Kim Swift is the 21st century Horatio Alger. Like the mythic adventurer, she started an arduous journey with ambitious dreams; through hard work, determination, and a bit of ol’ lady-luck, she’s now in control of her destiny. If only all our fates ended at the steps of a danceclub version of Valhalla.
Known for her work on Narbacular Drop, a student-project while at Digipen which became the world-conquering Portal, she’s moved on from Valve to help form Airtight Studios. Her first post-GlaDOS game, Quantum Conundrum, took the futuristic puzzle conceit and spun it in a centrifuge, giving players four separate dimensions to inhabit simultaneously.
If Conundrum was a mad scientist’s experiment gone wrong, their second game, Soul Fjord, is a brilliant college student’s dormroom ‘What if…’ scenario given life, an unholy mess of 70s soul music, viking lore, and rhythm-music game mechanics. An early screenshot shows hanging fuzzy D20 dice and a fu manchu’ed skeleton. And it’s coming exclusive to OUYA, the Android-based hackable console launching today for $99.
Like its system of origin, Soul Fjord appears to be a combination of pre-existing parts never before conjoined. “Honestly, the mash-up came about because we couldn’t make up our minds,” Swift writes in an email. “We brainstormed a few different themes and ended up with 70’s funk and soul which seemed great from a music perspective, and Norse mythology which was fantastic from a character and world design perspective. Because we couldn’t settle on either of them, we thought we’d give it a shot and combine the two.”
The OUYA itself appears to be on similarly unproven ground. Early reviews based on pre-release builds of the hardware have not been kind, but today consumers will get to make their own choices. The system is hoping to take the flexibility and ease of Android’s operating system, already inside the majority of mobile devices, and allow play on the TV in your living room with a traditional button-filled controller. Few have attempted to challenge the trio of console manufacturers. Fewer have made a dent. What this system could be, however, is a proving ground for developers eager to see their creations on the big screen. Anyone can develop and release a game on OUYA’s unwalled garden.
Swift recalls her early interests thwarted by those in control. “When I was in high school, I actually really wanted to play drums, but my Mom and Dad vehemently shook their heads no.” Unproven developers know the feeling; without the proper development hardware and license agreement, studios can’t create games for home consoles like Xbox 360 or PlayStation 3. Until recently, Nintendo wouldn’t allow developers who worked out of their house to make games for their systems; they required a separate office address.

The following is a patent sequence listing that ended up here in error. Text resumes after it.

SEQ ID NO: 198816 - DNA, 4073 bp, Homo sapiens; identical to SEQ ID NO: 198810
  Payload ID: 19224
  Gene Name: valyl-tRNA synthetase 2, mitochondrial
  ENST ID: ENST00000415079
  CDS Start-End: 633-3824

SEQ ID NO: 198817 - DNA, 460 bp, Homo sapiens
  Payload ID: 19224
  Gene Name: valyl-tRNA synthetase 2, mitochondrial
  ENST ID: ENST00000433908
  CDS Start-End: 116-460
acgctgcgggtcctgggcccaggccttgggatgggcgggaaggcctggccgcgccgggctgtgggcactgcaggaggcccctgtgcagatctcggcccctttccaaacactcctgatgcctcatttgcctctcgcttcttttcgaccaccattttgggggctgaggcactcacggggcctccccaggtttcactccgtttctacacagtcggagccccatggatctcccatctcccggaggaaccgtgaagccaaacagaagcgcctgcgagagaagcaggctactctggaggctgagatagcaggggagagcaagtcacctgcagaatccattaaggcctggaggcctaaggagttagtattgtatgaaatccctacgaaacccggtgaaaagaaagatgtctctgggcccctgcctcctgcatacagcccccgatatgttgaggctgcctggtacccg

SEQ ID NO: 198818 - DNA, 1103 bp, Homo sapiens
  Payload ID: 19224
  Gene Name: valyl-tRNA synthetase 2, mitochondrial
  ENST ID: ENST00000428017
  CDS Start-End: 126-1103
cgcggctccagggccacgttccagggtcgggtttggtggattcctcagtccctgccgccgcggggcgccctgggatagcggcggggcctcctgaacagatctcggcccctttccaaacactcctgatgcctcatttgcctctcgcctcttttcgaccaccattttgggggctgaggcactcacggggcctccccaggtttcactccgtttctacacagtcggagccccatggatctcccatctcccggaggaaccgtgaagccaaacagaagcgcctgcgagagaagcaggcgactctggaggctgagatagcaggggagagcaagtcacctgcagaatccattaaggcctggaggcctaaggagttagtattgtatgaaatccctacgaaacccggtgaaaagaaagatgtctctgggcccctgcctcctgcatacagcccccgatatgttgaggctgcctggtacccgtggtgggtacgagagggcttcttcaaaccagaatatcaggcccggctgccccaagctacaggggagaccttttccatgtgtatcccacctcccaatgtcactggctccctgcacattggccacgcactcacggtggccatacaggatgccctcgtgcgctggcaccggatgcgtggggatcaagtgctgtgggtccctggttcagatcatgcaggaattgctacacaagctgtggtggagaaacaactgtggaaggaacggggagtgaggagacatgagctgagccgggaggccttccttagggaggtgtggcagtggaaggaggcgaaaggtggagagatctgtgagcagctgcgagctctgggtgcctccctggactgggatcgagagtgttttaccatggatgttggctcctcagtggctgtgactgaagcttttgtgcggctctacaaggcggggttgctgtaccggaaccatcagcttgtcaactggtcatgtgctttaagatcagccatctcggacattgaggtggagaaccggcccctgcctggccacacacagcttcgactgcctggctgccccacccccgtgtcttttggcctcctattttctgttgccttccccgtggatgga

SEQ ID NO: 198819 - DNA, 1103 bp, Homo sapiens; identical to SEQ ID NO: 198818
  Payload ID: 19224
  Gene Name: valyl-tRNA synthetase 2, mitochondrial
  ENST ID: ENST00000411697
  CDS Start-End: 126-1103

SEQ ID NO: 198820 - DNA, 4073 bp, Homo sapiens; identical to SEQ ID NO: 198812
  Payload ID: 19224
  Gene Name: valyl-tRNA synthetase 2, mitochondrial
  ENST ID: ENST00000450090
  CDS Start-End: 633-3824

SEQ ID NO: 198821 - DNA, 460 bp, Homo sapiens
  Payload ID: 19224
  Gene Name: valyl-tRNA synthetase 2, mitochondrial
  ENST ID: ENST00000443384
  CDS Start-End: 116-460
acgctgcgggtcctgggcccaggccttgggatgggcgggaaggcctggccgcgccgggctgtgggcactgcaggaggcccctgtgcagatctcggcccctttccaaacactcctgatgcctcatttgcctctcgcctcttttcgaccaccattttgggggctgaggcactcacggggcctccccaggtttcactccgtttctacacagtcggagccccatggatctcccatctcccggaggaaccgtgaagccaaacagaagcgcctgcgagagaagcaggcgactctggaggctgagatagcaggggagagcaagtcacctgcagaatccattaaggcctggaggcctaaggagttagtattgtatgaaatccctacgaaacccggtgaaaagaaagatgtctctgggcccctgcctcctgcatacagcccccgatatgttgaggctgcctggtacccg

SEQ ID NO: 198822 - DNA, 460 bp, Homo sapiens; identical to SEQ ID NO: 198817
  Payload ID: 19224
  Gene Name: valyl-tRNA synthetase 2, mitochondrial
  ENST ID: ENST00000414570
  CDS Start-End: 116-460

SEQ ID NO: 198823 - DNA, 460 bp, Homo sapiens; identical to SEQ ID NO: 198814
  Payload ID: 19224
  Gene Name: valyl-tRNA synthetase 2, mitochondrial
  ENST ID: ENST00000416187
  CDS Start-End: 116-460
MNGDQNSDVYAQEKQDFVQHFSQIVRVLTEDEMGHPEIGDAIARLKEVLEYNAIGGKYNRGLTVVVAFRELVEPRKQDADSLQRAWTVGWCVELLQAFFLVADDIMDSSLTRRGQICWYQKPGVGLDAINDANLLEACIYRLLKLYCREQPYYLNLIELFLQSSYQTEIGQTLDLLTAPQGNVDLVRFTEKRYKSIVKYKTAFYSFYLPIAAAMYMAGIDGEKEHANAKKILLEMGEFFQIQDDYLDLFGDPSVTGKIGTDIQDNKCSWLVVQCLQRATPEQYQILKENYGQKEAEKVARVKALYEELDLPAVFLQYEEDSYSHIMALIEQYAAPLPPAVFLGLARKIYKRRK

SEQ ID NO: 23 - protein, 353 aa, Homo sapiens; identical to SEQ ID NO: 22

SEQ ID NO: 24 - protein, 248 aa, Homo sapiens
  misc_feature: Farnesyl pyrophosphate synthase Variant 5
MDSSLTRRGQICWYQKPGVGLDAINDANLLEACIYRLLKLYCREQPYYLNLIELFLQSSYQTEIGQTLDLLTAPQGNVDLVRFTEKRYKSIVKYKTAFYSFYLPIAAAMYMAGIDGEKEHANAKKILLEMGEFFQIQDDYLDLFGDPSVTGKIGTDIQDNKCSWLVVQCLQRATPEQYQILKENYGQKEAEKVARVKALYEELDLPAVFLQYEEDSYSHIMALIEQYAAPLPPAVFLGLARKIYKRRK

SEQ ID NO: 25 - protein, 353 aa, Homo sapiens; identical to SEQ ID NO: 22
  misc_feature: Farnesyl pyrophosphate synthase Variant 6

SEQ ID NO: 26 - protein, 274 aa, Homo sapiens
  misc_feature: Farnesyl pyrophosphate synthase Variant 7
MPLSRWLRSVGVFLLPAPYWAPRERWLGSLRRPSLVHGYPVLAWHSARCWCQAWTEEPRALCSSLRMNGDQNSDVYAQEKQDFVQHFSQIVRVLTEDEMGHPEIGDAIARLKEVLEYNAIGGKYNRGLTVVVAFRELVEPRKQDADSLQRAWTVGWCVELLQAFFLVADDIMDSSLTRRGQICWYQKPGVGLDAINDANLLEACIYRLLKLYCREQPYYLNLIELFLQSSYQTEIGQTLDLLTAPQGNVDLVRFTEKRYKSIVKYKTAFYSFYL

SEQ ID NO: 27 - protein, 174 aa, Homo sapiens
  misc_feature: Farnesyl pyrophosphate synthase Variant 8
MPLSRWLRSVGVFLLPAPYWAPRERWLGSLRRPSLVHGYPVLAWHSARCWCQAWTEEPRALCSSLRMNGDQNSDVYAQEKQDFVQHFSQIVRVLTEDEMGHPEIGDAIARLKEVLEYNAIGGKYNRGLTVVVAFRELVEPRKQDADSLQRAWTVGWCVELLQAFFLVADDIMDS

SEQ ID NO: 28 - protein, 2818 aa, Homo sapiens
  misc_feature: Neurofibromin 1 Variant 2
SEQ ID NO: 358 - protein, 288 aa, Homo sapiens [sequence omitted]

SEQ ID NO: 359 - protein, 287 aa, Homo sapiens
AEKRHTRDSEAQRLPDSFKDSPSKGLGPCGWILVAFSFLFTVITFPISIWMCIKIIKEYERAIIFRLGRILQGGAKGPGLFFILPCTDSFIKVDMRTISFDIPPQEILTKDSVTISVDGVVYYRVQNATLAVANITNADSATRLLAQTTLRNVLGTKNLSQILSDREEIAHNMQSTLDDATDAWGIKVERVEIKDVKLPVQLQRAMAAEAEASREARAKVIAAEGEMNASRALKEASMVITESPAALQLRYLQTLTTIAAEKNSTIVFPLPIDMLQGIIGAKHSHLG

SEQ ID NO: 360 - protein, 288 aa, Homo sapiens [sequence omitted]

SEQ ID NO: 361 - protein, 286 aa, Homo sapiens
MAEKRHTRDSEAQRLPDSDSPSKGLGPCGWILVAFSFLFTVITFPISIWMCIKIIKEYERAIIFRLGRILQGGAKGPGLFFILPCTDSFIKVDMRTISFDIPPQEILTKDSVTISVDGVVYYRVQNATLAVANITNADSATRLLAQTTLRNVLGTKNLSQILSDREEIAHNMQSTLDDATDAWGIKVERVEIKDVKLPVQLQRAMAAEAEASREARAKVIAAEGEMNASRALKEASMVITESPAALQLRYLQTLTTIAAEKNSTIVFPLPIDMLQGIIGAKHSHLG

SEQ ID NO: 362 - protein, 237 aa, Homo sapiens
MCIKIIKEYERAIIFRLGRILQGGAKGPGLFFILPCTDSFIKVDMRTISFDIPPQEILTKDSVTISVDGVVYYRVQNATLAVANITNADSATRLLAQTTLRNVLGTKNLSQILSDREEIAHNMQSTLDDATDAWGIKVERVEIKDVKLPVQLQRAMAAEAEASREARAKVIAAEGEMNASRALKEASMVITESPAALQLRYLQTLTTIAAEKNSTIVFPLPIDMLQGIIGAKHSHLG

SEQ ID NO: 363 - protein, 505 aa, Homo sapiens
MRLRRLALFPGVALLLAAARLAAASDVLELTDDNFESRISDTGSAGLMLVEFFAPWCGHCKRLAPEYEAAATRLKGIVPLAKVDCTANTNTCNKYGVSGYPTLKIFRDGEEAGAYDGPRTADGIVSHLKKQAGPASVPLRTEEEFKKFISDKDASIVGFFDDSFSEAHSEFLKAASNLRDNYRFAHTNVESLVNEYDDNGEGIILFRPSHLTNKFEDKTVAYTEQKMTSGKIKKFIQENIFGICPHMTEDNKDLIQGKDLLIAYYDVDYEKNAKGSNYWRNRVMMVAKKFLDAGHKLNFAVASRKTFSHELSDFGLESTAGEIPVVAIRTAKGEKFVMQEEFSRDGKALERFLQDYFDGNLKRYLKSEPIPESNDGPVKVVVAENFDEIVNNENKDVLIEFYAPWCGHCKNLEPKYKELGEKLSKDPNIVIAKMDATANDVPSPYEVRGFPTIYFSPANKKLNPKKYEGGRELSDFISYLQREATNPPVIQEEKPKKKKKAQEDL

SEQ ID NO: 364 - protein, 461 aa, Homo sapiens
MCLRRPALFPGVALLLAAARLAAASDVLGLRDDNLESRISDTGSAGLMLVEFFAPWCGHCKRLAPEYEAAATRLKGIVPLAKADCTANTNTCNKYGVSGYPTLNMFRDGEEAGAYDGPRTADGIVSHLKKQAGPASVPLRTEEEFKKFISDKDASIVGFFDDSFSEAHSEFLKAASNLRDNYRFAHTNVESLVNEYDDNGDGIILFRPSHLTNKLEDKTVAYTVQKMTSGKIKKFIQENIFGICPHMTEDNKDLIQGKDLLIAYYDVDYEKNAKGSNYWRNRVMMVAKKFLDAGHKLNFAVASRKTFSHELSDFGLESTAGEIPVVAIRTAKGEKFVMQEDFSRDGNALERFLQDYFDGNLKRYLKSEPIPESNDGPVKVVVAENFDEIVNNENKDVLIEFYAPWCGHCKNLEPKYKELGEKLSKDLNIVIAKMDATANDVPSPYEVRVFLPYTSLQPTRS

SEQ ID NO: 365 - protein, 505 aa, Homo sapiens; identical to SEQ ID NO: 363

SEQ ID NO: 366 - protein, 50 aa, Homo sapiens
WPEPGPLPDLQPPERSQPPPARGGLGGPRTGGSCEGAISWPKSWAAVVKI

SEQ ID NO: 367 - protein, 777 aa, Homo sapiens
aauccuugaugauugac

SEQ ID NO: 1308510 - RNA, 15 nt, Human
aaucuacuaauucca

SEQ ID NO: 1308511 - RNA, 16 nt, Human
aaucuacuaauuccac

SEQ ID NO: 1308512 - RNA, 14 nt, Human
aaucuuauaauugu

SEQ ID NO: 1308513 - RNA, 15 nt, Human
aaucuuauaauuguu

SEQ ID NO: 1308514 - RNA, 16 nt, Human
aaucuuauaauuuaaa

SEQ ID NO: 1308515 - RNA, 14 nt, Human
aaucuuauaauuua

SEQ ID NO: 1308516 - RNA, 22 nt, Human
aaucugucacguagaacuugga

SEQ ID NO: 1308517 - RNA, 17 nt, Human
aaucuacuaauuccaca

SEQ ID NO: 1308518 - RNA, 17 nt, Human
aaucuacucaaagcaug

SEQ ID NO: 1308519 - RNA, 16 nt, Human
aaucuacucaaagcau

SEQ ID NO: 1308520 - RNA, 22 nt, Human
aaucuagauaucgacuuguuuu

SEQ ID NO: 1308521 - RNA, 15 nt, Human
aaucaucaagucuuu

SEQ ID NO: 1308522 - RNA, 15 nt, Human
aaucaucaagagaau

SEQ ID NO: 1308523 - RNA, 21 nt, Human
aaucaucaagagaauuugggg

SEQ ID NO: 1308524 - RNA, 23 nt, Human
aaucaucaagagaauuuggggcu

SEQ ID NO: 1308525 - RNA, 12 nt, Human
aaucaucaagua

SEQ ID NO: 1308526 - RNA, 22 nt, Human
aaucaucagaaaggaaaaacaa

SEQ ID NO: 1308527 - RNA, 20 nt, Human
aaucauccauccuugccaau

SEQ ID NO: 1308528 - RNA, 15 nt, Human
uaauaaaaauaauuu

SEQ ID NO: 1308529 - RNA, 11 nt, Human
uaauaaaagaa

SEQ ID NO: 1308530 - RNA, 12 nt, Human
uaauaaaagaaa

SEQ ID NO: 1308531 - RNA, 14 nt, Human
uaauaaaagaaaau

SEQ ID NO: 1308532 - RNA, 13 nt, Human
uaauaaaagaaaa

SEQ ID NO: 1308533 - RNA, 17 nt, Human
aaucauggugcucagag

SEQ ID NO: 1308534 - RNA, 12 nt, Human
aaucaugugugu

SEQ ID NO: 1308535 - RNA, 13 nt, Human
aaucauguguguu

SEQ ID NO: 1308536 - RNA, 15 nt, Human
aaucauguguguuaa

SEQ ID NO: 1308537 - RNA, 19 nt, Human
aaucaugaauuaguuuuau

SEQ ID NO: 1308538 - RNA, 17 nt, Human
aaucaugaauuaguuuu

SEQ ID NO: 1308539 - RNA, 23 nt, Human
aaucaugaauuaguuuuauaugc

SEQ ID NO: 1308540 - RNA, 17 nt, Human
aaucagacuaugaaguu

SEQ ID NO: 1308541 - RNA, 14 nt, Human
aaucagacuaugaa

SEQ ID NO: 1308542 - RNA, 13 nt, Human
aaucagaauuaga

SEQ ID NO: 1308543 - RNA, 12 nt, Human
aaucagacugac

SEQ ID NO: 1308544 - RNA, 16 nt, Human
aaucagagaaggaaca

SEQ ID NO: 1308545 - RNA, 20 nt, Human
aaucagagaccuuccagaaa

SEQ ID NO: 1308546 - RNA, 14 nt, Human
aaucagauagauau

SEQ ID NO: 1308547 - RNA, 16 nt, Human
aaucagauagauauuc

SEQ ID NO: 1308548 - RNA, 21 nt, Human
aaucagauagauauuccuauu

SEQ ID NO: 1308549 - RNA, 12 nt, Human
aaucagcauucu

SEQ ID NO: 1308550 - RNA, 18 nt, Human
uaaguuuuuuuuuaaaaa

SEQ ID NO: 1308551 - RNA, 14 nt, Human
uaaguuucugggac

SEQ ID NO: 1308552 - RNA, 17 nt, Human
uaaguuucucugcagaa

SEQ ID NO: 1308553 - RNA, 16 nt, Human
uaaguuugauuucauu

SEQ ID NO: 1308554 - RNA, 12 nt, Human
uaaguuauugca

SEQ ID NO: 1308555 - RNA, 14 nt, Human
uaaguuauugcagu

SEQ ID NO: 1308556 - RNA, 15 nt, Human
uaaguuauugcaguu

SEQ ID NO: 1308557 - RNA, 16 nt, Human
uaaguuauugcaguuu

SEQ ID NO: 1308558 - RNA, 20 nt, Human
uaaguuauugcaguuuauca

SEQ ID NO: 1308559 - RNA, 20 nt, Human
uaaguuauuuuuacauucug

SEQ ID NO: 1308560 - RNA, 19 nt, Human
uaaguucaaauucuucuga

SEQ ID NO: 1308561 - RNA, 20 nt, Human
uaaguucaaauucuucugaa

OUYA could be a place to hone their skills, a tool with which to practice and learn. Swift has earned her stripes and then some, but she understands the beginner’s mind.
“My Dad promised to get me an electric guitar if I learned how to play a few songs on my mom’s old Yamaha acoustic. I took a handful of lessons and then mostly learned by listening to songs and trying to learn it by ear. I eventually got that electric guitar and eventually bought a bass to play with some friends.”
The OUYA is finally out in the wild. For less than a Benjamin, you have all you need to create and upload a game onto a marketplace where others can buy and play it. For decades aspiring game-makers could do the same on PC, and the recent uptake of mobile devices has unleashed a swell of unknown talent into visibility. But the TV has remained immune to the crowds, the proverbial Carnegie Hall.
Your protagonist in Soul Fjord, Magnus Jones, is a legendary warrior slain in battle. In Norse mythology, the greatest honor as a warrior is to ascend to Valhalla upon your death. Soul Fjord depicts Valhalla as a swanky night club; Jones’s name is off the list. Play well enough (or pay a few kroner–Fjord is Free-to-Play) and earn your way to infamy.
In popular entertainment, that hall of heroes is across from your leather couch. Can the OUYA break into this hallowed ground? Swift is crossing her calloused fingers.
“I’d say both Magnus and the OUYA are brave and intrepid warriors that are underdogs, but deserve their time in the sun. I certainly hope they both reach the promised land.”
Image via Royal Flush.